Reviewed by Michael Imossan
The collection Naming the Ghost is a poetic reportage of the intermundane; where life and death interface—like a confluence of rivers—apart yet touching. Here, the word “Ghost” is not just a representation of the dead but a symbol of pain, grief, loss and fear. This ghost, this fear as depicted by the poet is seen to be ever present; constantly walking through the poet’s bones, becoming alive again in every breath and in every “gust” as the poet affirms “we know the ghost is here”. This is to say that Emily Hockaday is not alone in the acknowledgement of the heft of loss living with and within them.
“The ghost” as depicted by the poet in this collection exhibits traits of a poltergeist as its presence is noticed “when we see the pool of water/seeping from under the counter and the baby’s monitor turns on/ through the night, static… ”. A reiteration of the subject of grief is seen where there is a collective admittance of the presence of “the mourning dove at our window by midnight”. One must admire the narrative technique employed by the writer to be able to capture the essence of this intermundane reportage; the simplicity of language and the subtle musicality intricately woven into each line of the poems in this collection.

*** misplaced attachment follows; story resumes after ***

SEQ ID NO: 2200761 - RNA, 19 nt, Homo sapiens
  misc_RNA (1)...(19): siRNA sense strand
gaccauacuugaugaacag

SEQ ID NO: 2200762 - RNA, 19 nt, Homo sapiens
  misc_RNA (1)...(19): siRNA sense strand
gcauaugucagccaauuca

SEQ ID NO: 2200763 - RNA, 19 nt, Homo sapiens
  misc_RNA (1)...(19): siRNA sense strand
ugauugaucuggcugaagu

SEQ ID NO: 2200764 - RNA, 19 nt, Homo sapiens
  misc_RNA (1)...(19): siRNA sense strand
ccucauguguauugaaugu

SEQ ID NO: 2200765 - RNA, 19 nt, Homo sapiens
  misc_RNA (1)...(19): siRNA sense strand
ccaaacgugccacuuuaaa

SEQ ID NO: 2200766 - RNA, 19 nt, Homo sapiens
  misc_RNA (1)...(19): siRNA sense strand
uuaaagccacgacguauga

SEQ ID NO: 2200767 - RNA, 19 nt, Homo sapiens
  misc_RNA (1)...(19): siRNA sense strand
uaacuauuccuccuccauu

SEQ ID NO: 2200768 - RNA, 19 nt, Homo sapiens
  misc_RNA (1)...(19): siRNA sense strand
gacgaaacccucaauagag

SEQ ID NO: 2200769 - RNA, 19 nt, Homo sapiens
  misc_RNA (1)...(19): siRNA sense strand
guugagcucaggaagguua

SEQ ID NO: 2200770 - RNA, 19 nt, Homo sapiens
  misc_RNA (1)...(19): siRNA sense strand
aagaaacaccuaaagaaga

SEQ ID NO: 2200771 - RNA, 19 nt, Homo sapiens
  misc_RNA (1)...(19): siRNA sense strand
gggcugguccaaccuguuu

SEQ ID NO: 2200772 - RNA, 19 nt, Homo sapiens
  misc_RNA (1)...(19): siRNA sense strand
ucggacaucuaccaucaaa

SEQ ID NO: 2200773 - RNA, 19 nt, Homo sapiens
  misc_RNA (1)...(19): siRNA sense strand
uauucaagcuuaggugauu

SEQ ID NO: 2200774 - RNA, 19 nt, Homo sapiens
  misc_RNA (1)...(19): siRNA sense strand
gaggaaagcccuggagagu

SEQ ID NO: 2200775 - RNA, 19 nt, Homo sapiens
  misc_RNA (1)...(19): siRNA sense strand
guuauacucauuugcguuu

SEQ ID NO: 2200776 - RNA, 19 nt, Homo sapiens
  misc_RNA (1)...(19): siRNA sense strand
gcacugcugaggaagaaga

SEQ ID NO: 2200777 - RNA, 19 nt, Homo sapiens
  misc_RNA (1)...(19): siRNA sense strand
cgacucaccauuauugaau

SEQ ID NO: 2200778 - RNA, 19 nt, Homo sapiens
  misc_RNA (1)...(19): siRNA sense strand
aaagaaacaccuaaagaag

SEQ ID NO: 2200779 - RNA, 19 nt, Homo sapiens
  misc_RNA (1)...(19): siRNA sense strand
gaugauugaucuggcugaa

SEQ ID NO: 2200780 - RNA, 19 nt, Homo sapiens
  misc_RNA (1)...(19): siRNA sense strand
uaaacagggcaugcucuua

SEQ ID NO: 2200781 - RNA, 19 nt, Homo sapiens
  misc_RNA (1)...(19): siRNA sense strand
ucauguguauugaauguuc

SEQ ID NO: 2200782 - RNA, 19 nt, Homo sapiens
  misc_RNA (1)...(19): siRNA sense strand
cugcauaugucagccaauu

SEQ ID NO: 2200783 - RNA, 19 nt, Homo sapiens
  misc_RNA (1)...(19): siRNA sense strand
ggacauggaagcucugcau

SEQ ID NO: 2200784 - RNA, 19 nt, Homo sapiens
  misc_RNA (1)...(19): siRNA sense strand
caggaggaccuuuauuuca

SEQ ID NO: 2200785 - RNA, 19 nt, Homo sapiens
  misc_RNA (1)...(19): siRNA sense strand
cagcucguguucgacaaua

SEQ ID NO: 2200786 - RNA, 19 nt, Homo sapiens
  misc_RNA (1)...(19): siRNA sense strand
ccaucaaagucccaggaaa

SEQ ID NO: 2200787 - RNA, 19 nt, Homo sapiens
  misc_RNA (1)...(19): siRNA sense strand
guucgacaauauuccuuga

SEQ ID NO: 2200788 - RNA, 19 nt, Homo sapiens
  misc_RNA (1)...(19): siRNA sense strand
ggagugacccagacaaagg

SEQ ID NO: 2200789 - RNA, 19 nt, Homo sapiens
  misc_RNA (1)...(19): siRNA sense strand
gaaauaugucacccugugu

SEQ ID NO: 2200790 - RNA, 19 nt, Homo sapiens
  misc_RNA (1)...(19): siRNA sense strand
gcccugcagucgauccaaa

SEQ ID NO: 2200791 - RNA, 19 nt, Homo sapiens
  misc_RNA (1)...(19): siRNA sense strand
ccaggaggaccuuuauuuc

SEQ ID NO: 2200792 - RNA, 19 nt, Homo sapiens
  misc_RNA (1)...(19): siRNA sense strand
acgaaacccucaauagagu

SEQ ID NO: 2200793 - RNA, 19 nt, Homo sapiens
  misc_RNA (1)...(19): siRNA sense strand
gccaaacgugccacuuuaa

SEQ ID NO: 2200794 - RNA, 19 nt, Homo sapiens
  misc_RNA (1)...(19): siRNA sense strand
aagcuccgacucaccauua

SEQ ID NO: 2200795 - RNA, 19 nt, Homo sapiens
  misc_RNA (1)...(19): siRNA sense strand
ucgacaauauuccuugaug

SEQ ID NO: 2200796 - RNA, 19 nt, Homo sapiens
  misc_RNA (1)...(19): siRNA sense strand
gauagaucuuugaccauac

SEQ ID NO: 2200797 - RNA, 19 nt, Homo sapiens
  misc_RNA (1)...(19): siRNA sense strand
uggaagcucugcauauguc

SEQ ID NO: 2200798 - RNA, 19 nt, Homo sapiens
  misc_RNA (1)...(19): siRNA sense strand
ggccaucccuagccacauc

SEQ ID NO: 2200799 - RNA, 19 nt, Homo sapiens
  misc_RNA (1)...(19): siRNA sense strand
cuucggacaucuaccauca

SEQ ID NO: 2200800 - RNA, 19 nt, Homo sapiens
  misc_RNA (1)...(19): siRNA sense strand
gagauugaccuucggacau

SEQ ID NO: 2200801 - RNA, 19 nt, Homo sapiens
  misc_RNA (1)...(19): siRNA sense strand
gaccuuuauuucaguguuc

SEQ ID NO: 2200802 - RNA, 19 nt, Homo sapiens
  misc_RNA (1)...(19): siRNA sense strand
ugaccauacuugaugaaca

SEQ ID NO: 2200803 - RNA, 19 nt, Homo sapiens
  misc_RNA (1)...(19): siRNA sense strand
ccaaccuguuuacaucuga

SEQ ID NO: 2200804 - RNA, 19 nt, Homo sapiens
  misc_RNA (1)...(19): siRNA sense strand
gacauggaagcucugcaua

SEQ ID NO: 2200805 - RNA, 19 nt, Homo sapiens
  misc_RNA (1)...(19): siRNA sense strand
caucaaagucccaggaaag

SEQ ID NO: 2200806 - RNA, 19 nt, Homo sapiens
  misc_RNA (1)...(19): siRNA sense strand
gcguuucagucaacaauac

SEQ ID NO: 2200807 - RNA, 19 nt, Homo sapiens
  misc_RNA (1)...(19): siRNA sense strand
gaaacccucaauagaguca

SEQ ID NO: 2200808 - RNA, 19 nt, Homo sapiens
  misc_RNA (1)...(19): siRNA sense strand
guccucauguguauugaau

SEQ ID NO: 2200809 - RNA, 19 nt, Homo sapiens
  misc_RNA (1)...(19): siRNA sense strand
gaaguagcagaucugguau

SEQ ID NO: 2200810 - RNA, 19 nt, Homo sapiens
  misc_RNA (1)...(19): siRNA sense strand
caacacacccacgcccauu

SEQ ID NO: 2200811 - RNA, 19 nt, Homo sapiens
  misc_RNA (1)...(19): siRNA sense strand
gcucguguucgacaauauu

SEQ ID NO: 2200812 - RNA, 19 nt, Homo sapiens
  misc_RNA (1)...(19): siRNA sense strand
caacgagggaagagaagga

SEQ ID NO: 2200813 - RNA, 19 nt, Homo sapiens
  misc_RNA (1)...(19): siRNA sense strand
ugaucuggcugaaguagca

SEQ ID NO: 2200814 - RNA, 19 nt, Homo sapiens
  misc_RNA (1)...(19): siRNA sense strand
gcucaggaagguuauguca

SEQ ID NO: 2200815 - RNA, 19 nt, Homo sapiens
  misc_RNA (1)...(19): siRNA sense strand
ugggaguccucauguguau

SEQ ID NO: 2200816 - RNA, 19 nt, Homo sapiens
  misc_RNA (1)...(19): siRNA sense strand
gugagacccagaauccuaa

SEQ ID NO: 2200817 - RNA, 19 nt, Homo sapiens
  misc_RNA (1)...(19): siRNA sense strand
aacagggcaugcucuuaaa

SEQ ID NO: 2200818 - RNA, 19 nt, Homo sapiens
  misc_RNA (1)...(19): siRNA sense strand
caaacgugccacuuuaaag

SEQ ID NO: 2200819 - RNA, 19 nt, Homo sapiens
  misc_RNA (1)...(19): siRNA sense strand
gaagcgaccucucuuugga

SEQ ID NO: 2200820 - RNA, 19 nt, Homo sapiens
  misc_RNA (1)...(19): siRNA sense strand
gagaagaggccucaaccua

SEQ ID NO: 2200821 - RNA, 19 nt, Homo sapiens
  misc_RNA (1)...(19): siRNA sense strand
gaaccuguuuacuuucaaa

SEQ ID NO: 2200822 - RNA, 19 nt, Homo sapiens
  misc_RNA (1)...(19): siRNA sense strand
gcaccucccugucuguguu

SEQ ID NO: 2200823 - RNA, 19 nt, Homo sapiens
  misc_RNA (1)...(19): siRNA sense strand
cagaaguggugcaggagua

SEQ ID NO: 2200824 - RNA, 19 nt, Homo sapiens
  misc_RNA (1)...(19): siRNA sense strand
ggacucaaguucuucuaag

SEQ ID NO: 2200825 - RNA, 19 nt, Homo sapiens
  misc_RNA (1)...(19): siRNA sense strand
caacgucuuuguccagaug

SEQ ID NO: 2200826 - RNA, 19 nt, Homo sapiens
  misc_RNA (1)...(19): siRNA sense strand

The poet confesses “when the ghost speaks/it is the sound of music heard/ from under water/and the words are a forgotten symphony we composed as children”. These quoted lines therefore capture the role of memory in grieving. As humans, we are bound to remember the moments shared with our loved ones when they eventually die and here, the poet describes this memory as “the sound of music heard from under water”. She goes further to mention that her “daughter is writing her own /ghost music on her plastic, five-note piano”. This is seen in the poem When the ghost speaks